In its place, the decision to approve or not will be made by SEA, which today has more of a coordinating role among project reviewers, which also report to the ministries. That is to say, political interference will continue.

Furthermore, there will not be enough resources to undertake the evaluation. The bill’s financial report calls for the hiring of 13 professionals in a country with 16 regions. We’re not even talking about one person per region.

Another bill that was submitted to the lower house to strengthen environmental oversight involves some fines and greater powers over a project. It looks to sanction more than facilitate development. 

Finally, a third bill analyzed by the lower house’s economic committee, led by economy minister Nicolás Grau, is positive because it tends to resolve some delays in granting permits.

BNamericas: Sonami suggests raising the SEA entry exemption threshold for small mining to 45,000t/month to improve permitting times and make the conditions for operational continuity projects more flexible, which could lead to increasing production.

Riesco: The current limit for small mining to be exempt from entering SEA’s system is 5,000t/m, but considering that mineral grades have dropped, in the case of copper close to 1%, then 5,000t/m represents about 50t of fine copper, which is scarce for a producer.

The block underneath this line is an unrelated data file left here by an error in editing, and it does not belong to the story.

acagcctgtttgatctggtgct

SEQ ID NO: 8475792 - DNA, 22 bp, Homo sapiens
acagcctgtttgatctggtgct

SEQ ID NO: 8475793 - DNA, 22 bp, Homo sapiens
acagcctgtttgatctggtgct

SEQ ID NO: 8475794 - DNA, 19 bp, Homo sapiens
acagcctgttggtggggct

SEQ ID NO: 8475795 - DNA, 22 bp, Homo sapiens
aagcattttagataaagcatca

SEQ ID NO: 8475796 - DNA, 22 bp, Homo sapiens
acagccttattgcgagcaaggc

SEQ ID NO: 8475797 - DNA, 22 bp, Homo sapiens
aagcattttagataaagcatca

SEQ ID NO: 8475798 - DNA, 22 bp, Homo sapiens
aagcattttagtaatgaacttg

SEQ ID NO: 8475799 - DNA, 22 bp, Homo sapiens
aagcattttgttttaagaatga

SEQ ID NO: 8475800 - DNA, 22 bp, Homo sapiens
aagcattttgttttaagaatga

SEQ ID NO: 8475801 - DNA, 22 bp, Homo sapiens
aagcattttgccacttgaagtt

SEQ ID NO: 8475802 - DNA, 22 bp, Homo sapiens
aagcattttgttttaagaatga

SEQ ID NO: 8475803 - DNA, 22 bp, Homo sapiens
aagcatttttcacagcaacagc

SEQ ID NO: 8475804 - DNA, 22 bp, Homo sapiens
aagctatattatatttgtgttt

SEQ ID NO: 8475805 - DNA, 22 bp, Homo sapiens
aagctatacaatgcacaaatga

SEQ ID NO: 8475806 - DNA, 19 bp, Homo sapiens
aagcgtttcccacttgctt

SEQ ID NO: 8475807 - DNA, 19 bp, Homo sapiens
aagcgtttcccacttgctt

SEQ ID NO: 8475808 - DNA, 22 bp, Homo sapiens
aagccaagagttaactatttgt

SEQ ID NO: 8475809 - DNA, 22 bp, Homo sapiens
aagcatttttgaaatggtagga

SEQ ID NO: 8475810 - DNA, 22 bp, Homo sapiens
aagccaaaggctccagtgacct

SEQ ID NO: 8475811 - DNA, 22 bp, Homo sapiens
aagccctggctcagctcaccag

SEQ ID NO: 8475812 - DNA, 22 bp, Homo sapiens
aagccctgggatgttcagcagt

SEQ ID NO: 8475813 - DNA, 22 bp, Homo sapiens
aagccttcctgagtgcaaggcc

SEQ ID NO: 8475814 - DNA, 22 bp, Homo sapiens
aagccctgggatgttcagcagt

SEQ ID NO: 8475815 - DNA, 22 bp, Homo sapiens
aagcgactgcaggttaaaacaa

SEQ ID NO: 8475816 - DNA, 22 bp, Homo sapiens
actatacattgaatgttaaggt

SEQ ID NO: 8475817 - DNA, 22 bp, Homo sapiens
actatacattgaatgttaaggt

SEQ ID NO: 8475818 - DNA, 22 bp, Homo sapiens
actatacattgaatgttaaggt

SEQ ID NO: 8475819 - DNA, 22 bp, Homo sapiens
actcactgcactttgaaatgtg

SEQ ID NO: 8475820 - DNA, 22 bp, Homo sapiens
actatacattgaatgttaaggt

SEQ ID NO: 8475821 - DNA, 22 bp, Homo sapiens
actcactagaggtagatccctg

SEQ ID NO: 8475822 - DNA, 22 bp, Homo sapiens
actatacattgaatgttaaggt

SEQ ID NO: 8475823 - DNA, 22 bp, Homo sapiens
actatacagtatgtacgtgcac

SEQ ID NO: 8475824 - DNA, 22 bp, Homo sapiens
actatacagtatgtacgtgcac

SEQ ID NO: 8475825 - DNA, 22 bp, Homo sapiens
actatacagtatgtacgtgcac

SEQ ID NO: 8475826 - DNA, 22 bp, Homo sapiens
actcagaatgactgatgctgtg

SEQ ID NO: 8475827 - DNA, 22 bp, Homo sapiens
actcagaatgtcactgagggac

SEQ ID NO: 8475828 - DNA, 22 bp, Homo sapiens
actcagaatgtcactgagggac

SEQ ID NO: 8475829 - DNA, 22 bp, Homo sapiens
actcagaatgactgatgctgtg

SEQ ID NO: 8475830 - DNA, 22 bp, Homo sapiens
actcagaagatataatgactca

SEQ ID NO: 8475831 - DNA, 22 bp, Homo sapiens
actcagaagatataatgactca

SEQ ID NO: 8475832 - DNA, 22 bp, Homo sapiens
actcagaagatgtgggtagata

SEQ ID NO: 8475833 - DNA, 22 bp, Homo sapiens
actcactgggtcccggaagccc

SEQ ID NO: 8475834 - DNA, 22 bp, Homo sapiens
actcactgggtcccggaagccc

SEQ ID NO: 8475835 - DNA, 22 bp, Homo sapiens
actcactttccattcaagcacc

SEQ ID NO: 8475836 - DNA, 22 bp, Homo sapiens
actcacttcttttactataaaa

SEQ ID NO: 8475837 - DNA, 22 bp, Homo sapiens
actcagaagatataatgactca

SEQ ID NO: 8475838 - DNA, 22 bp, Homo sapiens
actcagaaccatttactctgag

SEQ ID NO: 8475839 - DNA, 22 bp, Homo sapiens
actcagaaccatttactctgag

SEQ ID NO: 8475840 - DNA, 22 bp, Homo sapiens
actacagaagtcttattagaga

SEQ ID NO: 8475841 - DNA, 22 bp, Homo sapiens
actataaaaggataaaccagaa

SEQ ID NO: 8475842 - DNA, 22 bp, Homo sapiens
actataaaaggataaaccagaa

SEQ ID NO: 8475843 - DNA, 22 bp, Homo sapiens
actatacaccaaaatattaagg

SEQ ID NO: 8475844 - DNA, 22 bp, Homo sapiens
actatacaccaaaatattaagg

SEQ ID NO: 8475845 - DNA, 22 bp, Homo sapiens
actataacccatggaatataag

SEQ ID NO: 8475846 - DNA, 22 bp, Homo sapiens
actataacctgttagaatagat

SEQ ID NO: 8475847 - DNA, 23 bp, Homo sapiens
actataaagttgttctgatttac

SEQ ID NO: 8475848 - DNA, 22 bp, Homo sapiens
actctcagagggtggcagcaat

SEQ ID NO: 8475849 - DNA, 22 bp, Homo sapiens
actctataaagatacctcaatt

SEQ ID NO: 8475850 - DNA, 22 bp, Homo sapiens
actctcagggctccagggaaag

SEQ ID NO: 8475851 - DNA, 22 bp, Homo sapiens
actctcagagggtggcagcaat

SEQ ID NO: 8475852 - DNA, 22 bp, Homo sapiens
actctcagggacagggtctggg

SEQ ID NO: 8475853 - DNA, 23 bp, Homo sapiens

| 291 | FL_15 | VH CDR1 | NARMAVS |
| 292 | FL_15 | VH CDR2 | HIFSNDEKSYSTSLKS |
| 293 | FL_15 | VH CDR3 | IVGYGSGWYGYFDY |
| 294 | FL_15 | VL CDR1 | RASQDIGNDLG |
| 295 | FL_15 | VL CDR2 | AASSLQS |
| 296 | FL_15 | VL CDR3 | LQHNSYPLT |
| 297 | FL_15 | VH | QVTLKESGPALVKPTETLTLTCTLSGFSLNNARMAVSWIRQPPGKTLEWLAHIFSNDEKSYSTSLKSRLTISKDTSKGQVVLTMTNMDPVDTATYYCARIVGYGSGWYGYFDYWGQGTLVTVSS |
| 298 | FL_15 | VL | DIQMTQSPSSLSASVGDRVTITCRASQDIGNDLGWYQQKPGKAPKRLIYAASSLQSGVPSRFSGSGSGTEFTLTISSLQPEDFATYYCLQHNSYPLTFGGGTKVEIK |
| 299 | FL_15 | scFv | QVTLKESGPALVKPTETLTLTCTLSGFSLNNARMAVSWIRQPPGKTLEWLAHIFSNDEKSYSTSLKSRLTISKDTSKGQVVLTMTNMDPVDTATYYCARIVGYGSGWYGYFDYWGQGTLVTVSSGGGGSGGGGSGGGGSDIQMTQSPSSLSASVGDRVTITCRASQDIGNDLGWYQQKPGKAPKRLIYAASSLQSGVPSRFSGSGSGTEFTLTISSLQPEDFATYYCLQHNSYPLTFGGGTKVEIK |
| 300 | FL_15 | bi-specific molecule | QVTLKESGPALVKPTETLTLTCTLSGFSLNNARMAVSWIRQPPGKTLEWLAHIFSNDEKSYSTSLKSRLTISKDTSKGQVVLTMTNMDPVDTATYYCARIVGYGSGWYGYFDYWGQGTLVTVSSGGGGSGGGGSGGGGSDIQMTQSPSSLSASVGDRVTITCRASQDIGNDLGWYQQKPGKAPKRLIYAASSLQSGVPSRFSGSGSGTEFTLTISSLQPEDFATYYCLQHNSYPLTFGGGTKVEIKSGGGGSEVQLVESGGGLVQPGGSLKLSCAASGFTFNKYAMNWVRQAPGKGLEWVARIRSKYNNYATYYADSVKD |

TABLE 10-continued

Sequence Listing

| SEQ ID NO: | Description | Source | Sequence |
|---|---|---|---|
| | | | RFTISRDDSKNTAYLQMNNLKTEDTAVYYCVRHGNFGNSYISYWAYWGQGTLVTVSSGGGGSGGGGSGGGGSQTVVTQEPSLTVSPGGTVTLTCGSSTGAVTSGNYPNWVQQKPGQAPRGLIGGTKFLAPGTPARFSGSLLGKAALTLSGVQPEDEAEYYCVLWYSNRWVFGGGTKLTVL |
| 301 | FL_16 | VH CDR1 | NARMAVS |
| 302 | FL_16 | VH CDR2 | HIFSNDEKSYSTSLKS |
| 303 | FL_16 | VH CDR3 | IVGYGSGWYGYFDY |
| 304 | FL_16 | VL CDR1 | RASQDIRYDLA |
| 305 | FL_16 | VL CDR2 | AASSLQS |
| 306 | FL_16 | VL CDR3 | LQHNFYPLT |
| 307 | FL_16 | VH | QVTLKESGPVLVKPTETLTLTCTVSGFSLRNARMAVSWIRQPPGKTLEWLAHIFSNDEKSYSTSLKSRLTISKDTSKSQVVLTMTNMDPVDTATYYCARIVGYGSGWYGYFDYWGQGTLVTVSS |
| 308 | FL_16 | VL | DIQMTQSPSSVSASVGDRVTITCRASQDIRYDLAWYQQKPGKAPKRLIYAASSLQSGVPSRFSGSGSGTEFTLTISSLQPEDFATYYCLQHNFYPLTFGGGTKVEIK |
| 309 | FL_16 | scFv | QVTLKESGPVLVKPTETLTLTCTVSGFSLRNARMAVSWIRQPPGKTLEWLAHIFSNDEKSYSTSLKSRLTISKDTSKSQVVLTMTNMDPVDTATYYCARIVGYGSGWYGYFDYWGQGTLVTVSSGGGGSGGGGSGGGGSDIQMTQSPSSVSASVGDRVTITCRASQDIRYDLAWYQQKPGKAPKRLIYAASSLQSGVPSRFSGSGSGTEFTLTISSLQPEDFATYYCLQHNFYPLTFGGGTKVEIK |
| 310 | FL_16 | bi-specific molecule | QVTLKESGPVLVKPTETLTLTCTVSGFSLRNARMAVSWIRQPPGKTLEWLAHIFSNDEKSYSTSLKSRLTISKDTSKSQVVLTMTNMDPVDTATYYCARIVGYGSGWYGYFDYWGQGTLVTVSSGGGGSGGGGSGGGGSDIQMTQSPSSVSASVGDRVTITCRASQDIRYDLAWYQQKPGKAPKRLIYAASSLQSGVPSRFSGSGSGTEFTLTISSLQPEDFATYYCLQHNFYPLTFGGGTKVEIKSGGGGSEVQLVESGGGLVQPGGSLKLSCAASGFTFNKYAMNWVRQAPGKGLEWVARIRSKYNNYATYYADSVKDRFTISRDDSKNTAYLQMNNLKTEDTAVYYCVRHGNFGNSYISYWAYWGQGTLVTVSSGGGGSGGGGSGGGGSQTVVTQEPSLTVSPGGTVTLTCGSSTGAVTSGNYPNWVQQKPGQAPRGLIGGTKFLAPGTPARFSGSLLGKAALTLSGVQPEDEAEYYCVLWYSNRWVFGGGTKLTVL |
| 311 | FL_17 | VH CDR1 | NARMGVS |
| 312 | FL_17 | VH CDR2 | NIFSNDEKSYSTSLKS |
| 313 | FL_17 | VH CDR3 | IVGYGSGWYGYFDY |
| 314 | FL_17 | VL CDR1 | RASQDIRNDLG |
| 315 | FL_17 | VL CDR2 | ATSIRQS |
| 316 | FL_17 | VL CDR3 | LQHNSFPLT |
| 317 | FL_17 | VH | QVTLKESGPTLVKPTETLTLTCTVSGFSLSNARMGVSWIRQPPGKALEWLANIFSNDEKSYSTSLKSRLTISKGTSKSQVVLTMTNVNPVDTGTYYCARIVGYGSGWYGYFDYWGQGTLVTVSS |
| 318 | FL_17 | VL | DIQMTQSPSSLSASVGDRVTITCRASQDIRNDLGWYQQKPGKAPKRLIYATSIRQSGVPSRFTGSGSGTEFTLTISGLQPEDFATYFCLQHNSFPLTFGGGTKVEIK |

If we apply the basic law of Enami’s tariff to purchase ore, which is 2.5%, when converting to minerals, we speak of 45,000t/m as the threshold for a company to be considered a small producer. This limit is adjusted to the scale of small producers and would allow the number of producers to increase.

Although small-scale and artisanal mining represents less than 1% of total copper production in Chile, their impact is very important for regional economies.

It would be good to identify old mines for medium-sized mining to help them comply with standards with a simplified system and expedited processing for useful life extension or operational continuity initiatives.

Normally, medium-sized operations are associated with purchasing powers or agreements with Enami, which, in turn, allows small miners to deliver their minerals to be treated at its beneficiation plants. This generates an important productive chain. Therefore, we are talking about a window that allows operational improvement projects to be interpreted in a more flexible way or that are exempt from environmental qualification.

These measures could increase copper production by around 20% by adding 1Mt to copper production, which in 2023 was just over 5Mt. In terms of tax collection, it would translate into around US$1.3bn additionally, considering last year’s average price.

BNamericas: What do you think about SEA’s opposition to the Dominga project?

Riesco: Technically, the project is feasible and not only from a mining point of view but also from an environmental perspective. During the Dominga process, there was an electoral promise [from then-candidate and current President Gabriel Boric] to reject the project, which is worrying since there should be no other goal than generating harmonious development for the country.